Online campaign launched to defend industry future

by Madison Utley25 Mar 2019

An industry association that sprang to action after the royal commission final report has continued to step up its public campaign to protect the future of the mortgage broking industry.

Peter White, MD of the Finance Brokers Association of Australia (FBAA) has been meeting with senior MPs from all political parties as well as independents, lobbying on behalf of brokers and borrowers alike. Now, the association has announced the launch of a new online campaign called ‘Don’t Burn Borrowers.’ 

According to White, the aim is “to remind politicians and all stakeholders that this conversation is not solely about brokers or even the survival of the industry – it’s about borrowers and limiting choice, resulting in higher fees and higher interest rates, which will impact [everybody].”

The website details the effects that proposed industry changes would have on both borrowers and brokers, encouraging both groups to take action and sign the petition to preserve the viability of the mortgage broking industry.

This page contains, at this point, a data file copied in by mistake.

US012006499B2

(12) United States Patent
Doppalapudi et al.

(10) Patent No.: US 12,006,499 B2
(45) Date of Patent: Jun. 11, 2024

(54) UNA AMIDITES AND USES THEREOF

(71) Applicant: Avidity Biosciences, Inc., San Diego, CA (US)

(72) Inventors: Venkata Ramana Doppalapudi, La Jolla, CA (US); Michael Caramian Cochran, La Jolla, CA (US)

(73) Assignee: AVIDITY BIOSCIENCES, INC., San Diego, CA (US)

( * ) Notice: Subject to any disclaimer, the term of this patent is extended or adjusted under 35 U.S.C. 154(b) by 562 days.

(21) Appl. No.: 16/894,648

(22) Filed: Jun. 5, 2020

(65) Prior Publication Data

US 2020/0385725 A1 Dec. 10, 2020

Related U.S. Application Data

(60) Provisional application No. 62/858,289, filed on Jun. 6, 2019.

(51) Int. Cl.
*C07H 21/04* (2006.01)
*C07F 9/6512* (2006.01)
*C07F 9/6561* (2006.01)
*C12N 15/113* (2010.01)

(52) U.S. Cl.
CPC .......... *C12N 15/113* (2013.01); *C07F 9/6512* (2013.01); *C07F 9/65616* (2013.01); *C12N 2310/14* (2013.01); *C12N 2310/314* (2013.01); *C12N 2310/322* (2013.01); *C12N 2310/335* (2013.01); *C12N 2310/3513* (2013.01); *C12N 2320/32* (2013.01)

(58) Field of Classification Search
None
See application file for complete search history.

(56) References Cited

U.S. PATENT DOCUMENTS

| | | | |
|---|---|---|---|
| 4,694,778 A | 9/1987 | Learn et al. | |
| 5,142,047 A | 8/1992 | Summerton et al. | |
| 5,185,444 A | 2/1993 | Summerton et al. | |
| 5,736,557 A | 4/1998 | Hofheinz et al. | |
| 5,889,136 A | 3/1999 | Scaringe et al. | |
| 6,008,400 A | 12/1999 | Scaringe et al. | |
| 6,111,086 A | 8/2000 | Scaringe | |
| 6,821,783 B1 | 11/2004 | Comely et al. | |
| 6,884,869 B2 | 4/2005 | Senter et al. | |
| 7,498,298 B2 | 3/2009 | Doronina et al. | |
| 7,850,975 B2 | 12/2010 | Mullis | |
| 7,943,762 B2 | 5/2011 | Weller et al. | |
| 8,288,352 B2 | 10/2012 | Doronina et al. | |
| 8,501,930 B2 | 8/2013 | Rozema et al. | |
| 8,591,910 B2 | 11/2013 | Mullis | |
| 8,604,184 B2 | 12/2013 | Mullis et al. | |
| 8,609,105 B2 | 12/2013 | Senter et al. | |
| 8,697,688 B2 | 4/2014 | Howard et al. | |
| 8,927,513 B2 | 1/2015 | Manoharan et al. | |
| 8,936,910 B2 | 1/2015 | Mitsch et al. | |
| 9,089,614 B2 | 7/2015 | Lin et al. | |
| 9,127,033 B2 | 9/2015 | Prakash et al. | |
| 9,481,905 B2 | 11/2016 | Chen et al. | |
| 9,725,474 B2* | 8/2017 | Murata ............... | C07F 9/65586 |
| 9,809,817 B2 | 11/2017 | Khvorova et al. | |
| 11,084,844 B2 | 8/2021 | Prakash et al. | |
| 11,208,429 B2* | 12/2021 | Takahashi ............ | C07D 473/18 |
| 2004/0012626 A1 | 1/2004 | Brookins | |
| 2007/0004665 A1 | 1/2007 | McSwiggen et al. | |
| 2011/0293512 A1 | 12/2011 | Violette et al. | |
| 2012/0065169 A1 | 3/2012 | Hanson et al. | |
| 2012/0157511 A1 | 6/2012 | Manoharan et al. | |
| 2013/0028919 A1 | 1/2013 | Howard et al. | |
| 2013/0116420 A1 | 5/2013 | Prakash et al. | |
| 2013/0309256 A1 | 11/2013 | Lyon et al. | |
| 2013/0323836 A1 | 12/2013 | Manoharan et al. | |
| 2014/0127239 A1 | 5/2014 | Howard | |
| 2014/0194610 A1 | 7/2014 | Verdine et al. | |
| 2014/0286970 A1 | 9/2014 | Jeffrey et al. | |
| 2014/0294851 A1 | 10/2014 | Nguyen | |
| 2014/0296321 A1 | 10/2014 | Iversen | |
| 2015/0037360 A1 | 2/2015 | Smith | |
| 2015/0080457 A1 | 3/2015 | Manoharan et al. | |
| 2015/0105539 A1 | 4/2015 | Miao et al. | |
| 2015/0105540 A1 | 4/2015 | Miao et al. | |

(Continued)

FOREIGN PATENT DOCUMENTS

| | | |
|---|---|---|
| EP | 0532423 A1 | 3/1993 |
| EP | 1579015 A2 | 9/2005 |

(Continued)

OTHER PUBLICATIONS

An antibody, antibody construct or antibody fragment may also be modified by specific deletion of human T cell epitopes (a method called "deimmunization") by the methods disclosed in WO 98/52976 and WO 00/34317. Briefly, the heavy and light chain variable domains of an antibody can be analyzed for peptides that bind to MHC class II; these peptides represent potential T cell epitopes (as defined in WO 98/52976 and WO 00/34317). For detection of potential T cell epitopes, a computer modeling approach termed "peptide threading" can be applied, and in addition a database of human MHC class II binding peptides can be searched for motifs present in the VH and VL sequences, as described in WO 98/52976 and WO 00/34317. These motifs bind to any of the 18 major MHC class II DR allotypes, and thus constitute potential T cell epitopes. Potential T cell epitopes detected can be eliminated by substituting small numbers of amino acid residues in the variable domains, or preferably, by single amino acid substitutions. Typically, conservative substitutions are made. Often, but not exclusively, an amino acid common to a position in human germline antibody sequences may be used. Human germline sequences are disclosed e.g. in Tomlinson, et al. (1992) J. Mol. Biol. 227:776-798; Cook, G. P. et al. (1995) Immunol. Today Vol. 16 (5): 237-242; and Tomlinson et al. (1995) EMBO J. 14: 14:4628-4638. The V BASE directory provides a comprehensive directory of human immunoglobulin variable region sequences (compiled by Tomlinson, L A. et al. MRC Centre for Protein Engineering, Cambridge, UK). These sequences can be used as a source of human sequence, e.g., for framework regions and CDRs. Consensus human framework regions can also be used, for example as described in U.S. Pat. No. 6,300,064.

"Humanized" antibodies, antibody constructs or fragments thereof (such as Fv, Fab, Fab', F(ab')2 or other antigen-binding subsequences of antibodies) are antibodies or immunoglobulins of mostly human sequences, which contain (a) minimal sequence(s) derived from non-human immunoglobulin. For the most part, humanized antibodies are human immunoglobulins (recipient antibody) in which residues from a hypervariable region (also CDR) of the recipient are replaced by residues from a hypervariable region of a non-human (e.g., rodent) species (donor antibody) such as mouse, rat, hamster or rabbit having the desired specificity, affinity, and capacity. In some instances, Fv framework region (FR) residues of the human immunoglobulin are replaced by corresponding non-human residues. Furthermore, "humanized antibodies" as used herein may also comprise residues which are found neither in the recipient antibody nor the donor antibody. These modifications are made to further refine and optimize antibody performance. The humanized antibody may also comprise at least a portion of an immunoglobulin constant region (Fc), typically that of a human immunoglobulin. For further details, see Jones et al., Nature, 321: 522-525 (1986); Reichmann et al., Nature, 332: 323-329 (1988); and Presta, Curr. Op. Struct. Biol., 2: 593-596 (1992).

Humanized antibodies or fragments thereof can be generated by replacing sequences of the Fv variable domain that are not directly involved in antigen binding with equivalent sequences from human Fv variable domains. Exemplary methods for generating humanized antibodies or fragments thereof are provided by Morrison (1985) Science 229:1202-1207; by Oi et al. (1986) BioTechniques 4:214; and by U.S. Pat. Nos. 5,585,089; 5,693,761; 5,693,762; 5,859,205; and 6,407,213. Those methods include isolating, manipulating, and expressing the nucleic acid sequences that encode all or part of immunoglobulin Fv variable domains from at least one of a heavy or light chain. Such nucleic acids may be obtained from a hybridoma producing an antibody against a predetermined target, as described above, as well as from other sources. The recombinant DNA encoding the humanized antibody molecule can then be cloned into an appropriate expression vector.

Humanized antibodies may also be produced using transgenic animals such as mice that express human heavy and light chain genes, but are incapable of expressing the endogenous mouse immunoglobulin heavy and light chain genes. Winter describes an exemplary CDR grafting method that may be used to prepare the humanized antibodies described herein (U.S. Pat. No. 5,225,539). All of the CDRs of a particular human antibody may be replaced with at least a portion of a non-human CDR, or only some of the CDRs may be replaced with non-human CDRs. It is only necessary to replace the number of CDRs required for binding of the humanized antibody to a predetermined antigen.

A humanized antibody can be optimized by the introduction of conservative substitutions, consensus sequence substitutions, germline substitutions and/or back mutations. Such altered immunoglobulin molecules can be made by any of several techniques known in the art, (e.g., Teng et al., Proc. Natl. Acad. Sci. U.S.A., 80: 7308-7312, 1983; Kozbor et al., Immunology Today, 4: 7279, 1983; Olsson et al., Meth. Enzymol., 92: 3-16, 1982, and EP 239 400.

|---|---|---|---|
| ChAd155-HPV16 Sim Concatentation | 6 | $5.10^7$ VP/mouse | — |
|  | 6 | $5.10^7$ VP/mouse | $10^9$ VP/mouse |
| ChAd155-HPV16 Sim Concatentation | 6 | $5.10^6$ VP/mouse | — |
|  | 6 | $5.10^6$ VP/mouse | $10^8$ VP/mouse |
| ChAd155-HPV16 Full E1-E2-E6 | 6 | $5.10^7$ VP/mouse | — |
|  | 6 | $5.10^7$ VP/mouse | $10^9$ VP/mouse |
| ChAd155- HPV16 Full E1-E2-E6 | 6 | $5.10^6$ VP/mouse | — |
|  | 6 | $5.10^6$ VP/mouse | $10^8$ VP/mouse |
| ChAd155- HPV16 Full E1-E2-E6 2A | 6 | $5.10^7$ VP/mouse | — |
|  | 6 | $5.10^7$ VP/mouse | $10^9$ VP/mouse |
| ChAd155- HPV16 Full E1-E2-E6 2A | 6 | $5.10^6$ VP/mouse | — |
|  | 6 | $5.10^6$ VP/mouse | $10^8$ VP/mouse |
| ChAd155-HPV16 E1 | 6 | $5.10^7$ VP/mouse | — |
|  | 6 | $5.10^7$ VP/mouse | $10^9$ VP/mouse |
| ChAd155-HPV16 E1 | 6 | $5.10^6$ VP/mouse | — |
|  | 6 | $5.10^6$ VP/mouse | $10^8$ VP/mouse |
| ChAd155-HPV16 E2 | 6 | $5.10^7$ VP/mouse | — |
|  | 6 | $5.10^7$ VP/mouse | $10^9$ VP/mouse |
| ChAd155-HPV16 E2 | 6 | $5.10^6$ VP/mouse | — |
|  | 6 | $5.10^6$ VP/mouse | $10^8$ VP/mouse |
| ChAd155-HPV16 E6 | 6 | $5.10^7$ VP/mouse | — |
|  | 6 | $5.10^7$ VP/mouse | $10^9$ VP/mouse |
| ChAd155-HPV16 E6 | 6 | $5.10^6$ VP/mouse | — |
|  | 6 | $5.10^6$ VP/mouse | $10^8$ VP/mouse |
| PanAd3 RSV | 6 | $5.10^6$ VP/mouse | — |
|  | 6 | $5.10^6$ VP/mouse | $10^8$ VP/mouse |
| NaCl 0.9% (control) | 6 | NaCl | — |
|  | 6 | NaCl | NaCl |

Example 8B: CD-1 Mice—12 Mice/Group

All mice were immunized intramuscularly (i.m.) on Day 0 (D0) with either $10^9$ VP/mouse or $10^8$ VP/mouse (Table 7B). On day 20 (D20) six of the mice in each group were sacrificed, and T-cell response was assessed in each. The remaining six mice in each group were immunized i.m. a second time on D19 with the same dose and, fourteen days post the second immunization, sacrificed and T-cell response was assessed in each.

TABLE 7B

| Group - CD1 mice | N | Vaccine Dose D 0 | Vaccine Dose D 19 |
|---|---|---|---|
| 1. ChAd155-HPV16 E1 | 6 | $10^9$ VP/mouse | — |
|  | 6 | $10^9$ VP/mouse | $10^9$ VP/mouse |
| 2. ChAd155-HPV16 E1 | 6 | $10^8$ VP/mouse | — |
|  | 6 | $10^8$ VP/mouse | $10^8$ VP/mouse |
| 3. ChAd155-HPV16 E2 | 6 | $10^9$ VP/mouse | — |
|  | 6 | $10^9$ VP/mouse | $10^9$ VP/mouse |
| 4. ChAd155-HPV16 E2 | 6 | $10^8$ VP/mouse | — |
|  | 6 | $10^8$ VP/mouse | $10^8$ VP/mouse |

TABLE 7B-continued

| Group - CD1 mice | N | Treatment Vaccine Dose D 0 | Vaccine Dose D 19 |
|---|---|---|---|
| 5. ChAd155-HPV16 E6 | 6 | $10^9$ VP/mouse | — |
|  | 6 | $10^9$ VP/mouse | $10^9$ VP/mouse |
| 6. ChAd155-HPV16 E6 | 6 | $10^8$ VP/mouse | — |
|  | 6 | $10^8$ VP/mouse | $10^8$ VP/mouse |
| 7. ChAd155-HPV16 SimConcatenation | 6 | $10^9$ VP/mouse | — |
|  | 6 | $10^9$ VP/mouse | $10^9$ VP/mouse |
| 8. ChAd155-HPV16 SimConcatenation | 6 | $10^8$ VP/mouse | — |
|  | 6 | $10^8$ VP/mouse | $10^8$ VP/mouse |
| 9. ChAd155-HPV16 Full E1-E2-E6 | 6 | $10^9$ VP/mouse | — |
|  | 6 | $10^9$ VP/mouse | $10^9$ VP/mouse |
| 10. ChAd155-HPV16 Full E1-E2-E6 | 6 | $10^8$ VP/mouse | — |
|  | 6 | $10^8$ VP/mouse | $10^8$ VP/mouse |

White explained, “Our politicians have made significant changes to their position which we applaud but as we head into an election, brokers will continue to campaign on appropriate commission structures and a best interest duty that works for consumers and is targeted specifically for mortgage brokers.”

‘Don’t Burn Borrowers’ encourages concerned parties to do this through writing to their state and federal MPs and candidates ahead of the May election.

The FBAA welcomed the Morrison government’s support for leaving the current remuneration structure as is, but acknowledges that the shakeup is far from over.

“We want to maintain the momentum on these issues, so we launched this public social media campaign to call for everyone to work together so we can stop these misguided recommendations from burning borrowers and brokers and hurting the economy,” White explained.

The FBAA has committed to continued engagement with decision-makers in Canberra and elsewhere until the May election – and beyond.